“They’re lower-income people-bad credits, bankrupts, young credits, no credits,” Mehta says. Providian also innovated by offering “free” credit cards that carried heavy hidden fees. “I used to use the word ‘penalty pricing’ or ‘stealth pricing,'” Mehta tells FRONTLINE. “When people make the buying decision, they don’t look at the penalty fees because they never believe they’ll be late. They never believe they’ll be over limit, right? … Our business took off. … We were making a billion dollars a year.”

    It took the economic collapse in the fall of 2008 to set the stage for potentially historic change in the consumer credit business. President Obama and his team pushed through a credit card reform bill in May, and they’re now looking to establish a new Consumer Finance Protection Agency. But the banking and financial services industries contribute huge amounts of money to Congress — and the jury is still out on whether the new regulations can pass. “It’s a step in the right direction, but it’s a modest step,” says Harvard law professor Elizabeth Warren. “It’s a set of very discrete new laws. And the credit industry instantly set to work on how they could run around them. By itself, that set of rules won’t change the game.”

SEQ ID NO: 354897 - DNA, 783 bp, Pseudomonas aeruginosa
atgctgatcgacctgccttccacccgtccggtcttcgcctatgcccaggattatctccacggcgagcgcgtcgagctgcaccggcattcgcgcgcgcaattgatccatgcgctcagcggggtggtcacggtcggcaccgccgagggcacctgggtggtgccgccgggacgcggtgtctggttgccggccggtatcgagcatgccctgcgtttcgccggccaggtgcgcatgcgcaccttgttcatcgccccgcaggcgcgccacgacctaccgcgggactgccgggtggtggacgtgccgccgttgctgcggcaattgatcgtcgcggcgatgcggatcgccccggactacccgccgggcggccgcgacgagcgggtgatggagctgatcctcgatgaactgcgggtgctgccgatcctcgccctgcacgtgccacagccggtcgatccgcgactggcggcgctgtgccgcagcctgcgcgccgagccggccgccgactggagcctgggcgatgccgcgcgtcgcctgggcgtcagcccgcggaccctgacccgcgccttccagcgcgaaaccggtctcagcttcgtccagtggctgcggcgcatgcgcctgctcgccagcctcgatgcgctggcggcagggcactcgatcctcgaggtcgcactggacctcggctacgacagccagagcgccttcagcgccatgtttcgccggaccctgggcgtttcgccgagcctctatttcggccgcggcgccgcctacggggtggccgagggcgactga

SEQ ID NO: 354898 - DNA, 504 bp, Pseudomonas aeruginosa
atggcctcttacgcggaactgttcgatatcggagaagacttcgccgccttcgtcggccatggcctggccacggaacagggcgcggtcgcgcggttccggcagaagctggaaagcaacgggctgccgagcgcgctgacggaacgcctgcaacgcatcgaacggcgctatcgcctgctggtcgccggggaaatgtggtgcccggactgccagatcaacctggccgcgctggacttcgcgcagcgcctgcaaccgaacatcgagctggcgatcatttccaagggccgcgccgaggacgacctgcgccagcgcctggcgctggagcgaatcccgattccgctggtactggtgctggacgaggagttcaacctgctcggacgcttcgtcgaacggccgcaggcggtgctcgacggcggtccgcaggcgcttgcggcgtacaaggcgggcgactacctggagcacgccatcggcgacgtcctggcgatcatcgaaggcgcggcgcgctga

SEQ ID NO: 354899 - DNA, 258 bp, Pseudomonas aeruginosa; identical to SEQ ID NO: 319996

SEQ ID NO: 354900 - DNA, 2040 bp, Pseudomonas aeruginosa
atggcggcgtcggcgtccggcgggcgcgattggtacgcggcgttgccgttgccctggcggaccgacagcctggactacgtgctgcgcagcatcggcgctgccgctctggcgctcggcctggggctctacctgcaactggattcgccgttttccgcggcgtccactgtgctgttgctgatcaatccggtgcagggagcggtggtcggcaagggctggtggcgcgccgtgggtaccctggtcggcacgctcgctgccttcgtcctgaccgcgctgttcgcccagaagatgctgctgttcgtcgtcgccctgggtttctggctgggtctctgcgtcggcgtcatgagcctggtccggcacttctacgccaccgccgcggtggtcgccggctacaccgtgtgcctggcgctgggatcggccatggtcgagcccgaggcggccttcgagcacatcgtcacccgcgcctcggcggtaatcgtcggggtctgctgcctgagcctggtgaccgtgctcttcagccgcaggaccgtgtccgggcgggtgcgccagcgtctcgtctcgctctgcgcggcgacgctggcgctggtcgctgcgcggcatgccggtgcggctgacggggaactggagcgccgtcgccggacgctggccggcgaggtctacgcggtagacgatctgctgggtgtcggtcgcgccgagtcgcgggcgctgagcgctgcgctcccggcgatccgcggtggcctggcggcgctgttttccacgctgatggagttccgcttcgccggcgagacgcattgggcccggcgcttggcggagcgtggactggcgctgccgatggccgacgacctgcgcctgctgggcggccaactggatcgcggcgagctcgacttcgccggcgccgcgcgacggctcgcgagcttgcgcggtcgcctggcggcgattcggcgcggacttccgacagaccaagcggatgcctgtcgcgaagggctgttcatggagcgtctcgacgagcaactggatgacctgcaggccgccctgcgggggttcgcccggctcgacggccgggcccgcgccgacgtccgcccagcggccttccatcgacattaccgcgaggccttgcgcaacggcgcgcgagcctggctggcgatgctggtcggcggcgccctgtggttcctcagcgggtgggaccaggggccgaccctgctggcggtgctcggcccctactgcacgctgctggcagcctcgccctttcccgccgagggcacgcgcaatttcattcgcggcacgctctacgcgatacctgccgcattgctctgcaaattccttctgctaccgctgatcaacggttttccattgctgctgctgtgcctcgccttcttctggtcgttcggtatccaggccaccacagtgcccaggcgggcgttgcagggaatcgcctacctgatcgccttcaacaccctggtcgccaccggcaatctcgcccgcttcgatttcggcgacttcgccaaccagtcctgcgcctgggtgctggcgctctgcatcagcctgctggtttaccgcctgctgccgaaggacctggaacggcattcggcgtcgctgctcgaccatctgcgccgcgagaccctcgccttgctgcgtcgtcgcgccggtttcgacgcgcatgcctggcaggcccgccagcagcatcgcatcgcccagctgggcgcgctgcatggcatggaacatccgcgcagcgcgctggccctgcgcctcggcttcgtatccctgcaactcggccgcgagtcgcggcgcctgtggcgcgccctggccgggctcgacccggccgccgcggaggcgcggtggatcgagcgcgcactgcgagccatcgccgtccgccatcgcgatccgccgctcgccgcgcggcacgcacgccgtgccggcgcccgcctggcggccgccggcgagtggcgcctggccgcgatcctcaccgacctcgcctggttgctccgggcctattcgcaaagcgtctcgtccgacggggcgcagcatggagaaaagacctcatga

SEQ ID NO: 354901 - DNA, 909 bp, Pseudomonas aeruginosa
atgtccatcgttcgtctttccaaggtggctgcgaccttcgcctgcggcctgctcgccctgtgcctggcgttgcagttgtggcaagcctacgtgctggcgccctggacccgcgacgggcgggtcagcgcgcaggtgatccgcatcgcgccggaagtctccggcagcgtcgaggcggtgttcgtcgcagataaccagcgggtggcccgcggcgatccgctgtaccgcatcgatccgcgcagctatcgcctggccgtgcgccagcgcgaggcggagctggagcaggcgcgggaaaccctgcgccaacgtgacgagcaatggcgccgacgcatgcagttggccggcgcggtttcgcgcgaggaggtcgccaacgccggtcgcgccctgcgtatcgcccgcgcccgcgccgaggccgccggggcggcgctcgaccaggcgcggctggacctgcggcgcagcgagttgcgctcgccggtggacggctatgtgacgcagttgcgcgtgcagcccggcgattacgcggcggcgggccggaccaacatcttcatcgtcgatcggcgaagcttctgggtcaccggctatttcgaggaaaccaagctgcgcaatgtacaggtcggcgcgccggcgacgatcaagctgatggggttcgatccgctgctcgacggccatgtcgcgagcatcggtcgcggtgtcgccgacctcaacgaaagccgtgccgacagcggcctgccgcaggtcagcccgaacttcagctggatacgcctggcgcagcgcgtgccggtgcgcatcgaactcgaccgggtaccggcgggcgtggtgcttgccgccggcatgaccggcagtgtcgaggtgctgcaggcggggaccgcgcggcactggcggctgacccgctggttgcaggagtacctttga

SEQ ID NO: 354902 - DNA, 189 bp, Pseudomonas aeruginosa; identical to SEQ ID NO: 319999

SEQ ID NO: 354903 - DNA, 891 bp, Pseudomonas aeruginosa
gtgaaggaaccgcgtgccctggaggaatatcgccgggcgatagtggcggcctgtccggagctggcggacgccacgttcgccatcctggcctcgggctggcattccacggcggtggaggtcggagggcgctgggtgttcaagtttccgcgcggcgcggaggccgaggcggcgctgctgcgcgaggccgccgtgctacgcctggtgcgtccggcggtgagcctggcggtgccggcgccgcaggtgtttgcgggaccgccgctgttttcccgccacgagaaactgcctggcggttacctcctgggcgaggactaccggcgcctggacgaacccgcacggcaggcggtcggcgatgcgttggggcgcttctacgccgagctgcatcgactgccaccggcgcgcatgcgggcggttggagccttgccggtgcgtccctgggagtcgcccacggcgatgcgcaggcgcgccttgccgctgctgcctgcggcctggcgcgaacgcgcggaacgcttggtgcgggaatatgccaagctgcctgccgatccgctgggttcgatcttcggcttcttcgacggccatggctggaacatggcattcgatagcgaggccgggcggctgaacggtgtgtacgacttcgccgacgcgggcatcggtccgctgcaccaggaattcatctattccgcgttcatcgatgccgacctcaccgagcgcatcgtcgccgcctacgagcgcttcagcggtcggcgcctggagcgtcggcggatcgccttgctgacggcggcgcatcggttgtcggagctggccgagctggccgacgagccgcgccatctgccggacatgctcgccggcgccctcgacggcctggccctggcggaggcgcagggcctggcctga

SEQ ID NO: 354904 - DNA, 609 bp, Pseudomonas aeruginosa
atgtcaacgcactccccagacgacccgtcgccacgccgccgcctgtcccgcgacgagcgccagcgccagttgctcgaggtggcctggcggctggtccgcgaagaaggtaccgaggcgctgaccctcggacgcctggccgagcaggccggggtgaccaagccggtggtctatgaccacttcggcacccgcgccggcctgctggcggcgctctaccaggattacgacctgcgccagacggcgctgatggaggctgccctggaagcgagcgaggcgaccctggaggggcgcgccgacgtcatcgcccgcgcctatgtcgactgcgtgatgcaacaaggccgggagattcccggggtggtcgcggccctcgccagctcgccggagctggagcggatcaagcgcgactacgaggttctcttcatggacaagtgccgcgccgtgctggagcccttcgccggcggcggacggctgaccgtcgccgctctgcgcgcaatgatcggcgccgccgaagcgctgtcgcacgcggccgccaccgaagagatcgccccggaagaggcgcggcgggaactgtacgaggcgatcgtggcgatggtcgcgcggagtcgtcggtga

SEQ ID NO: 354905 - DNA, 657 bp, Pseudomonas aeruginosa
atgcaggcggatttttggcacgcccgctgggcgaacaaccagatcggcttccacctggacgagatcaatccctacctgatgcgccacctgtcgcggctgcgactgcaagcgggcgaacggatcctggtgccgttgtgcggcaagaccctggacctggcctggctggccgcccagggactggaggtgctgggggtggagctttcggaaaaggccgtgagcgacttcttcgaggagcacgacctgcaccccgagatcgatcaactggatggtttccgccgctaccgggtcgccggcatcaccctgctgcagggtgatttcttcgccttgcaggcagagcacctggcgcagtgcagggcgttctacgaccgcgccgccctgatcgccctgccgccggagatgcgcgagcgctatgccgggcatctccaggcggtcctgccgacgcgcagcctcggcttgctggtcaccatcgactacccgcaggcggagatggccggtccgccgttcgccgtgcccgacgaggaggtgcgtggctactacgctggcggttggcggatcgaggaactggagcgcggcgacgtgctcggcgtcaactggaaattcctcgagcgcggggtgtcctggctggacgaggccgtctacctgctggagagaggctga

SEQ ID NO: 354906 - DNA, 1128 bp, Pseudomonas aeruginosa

“It’s hard for them to get a bill through the U.S. Senate when the industry is pouring money into Washington,” says Martin Eakes of the Center for Responsible Lending of the banks’ political clout. “As Sen. [Dick] Durbin from Chicago recently said, ‘The banks, even as unpopular as they are right now in this crisis, still own this place.'”

    The Card Game is a FRONTLINE co-production with Cam Bay Productions and The New York Times. The film is written and produced by Lowell Bergman and Oriana Zill de Granados. The correspondent is Lowell Bergman. FRONTLINE is produced by WGBH Boston and is broadcast nationwide on PBS. Funding for FRONTLINE is provided through the support of PBS viewers. Major funding for FRONTLINE is provided by The John D. and Catherine T. MacArthur Foundation. Additional funding is provided by the Park Foundation. FRONTLINE is closed-captioned for deaf and hard-of-hearing viewers and described for people who are blind or visually impaired by the Media Access Group at WGBH. FRONTLINE is a registered trademark of the WGBH Educational Foundation. The executive producer of FRONTLINE is David Fanning.